And anothyr, thi son, withowtyn drede,
Is God and man to mene.
Wherefore it nedyd not to bene
But to kepe the lawe on Moyses wyse
Whereffore we shal take us between
Dovys and turtelys for sacrefyce.

[Et ibunt ad templum.

SYMEON All heyl, my kyndely comfortour!
ANNA PROPHETISSA All heyl, mankyndys creatoure!
SYMEON All heyl, thu God of Myght!
ANNA PROPHETISSA All heyl, mankyndys Savyour!
SYMEON All heyl, bothe kynge and emperour!
ANNA PROPHETISSA All heyl, as it is ryght!
SYMEON All heyl, also Mary bryght!
ANNA PROPHETISSA All heyl, salver of seknes!
SYMEON All heyl, lanterne of lyght!
ANNA PROPHETISSA All heyl, thu modyr of mekenes!

MARIA Symeon, I undyrstand and se
That bothyn of my sone and me
Ye have knowynge clere.
And also in youre compané,
My sone desyryth for to be,
And therffore have hym here.

[Et accipiet Jhesum.

SYMEON Welcome, prynce withowte pere!
Welcome, Goddys owyn sone!
Welcome, my Lord so dere!
Welcome, with me to wone!

Suscepimus Deus misericordiam tuam. 1

Lord God, in magesté:
We have receyvyd this day of thee,
In myddys of thi temple here
Thy grett mercy as we may se.
Therfore thi name of grett degré
Be wurchepyd in all manere
Over all this werde, bothe fer and nere,
Yevyn on to the uterest ende;
For now is man out of daungere
And rest and pes to all mankende.
been [a] priest; (t-note)
taught; God’s; (t-note)
near at hand; (t-note)
Before I died

grow; lack; strength

called me

the Holy of Holies; (see note)

(see note)
How; await

take pity on me

strength; go
[So] that; mind
can; (t-note)


for certain


from; gladly be
way of life

stop your sad speech; (t-note)

you shall see
to speak of
(see note); (t-note)

been; by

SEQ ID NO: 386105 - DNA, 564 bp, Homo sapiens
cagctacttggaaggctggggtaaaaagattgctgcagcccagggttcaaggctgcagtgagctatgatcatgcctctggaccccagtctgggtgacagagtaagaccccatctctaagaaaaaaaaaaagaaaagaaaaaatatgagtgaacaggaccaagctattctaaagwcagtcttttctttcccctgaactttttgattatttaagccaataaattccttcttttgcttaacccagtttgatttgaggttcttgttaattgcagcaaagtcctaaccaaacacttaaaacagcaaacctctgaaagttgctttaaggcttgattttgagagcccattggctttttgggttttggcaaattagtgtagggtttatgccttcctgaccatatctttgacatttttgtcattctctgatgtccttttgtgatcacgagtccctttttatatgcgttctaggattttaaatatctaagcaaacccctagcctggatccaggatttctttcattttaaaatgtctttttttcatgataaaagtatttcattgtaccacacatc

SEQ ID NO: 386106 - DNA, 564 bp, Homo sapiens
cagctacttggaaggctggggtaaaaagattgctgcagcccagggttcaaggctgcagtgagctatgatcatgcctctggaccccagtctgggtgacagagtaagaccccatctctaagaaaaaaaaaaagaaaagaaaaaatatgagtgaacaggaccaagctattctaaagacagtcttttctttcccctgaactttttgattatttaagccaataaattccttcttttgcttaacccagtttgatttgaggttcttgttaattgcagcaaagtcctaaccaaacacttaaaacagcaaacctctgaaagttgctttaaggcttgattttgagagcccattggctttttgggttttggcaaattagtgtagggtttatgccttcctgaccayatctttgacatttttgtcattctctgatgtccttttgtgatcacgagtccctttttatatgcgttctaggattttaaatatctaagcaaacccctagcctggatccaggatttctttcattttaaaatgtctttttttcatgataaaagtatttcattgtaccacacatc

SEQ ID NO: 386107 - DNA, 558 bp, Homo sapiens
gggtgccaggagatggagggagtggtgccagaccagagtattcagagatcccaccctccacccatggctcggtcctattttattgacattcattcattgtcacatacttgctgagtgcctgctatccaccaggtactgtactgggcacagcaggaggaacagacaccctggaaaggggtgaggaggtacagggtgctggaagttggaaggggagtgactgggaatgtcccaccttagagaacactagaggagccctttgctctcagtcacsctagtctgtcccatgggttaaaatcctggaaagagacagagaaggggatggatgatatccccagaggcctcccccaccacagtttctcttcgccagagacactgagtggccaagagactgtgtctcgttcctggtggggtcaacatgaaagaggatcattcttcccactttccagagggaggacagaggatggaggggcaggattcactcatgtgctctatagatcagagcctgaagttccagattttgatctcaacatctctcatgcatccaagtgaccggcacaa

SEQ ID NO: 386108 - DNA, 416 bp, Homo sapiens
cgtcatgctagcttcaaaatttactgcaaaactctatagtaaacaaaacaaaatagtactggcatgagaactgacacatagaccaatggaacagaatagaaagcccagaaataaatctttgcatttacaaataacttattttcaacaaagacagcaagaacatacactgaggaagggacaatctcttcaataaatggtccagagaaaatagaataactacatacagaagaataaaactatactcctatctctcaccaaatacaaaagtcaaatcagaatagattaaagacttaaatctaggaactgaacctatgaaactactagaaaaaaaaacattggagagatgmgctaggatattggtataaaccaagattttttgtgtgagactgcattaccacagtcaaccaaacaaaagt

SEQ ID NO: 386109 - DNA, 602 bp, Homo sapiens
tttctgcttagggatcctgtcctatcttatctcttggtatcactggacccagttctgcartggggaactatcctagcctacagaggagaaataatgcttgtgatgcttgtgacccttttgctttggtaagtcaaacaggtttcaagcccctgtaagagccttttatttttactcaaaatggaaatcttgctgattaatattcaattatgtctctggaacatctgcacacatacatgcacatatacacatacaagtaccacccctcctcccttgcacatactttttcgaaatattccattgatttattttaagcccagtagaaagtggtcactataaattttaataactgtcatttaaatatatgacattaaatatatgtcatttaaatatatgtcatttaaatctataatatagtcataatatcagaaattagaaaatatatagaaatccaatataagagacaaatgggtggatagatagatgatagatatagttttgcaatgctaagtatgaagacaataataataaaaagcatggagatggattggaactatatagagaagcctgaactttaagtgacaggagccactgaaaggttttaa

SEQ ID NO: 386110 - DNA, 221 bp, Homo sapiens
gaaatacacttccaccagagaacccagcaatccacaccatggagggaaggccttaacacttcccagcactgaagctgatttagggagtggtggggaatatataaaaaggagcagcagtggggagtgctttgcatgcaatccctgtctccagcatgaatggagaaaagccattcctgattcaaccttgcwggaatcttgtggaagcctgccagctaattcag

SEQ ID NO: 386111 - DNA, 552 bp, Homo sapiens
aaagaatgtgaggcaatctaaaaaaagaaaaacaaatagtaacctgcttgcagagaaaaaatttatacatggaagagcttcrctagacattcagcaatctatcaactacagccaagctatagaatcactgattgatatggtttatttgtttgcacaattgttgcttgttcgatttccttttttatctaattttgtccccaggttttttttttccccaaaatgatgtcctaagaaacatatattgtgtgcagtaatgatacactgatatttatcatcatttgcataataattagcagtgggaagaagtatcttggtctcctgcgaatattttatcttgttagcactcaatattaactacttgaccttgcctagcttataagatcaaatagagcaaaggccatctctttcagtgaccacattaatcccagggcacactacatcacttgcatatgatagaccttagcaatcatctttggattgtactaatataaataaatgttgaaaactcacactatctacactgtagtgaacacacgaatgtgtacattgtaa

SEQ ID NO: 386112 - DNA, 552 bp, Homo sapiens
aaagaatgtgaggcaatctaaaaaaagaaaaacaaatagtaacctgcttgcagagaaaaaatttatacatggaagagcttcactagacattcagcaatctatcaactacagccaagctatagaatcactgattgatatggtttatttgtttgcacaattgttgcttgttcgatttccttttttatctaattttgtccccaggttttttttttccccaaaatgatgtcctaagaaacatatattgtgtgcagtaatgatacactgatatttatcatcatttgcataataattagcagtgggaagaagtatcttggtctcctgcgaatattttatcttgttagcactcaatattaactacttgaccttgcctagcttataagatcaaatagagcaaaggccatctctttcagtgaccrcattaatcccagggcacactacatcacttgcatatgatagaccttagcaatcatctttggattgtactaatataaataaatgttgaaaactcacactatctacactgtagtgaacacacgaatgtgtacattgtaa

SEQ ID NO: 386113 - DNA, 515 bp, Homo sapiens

lighter, indeed



where you are going
prophetess, if you knew why; (t-note)
As you should
manner of

buy (redeem) mankind; (see note)
end our woes
in traveling

I hurry

don’t hinder me; (t-note)

I go


And then both of them go to the temple; (t-note)

truth be told; (t-note)
(see note)
He who is
scourged; [will] shed
die on the cross
Without reason

sorrow; painful; (see note)
through; mother’s heart

well find; (see note); (t-note)
(see note)

time out of mind
by; father; own kind

know; it is nearly; (see note)
Since my son’s; exactly
son of bliss
on high
God’s; (t-note)

Nor; God help me

without a doubt
to mediate between

according to Moses
for the two of us; (see note)
Doves and turtledov­es

And they (Mary and Joseph) go to the temple

mankind’s creator


healer of sickness

mother of meekness


And he (Simeon) welcomes Jesus

God’s own son

to dwell

(see note); (t-note)

(see note)


great reverence

world; far
Even; most distant; (t-note)

peace; mankind

  [“Nunc dimittis seruum tuum Domine,” et cetera. 2 The psalme songyn every vers, and therqwyl Symeon pleyth with the child and qwhan the psalme is endyd, he seyth: (see note); (t-note)













Now lete me dye, Lorde, and hens pace,
For I, thi servaunt in this place,
Have sen my Savyour dere,
Whiche thu hast ordeyned beforn the face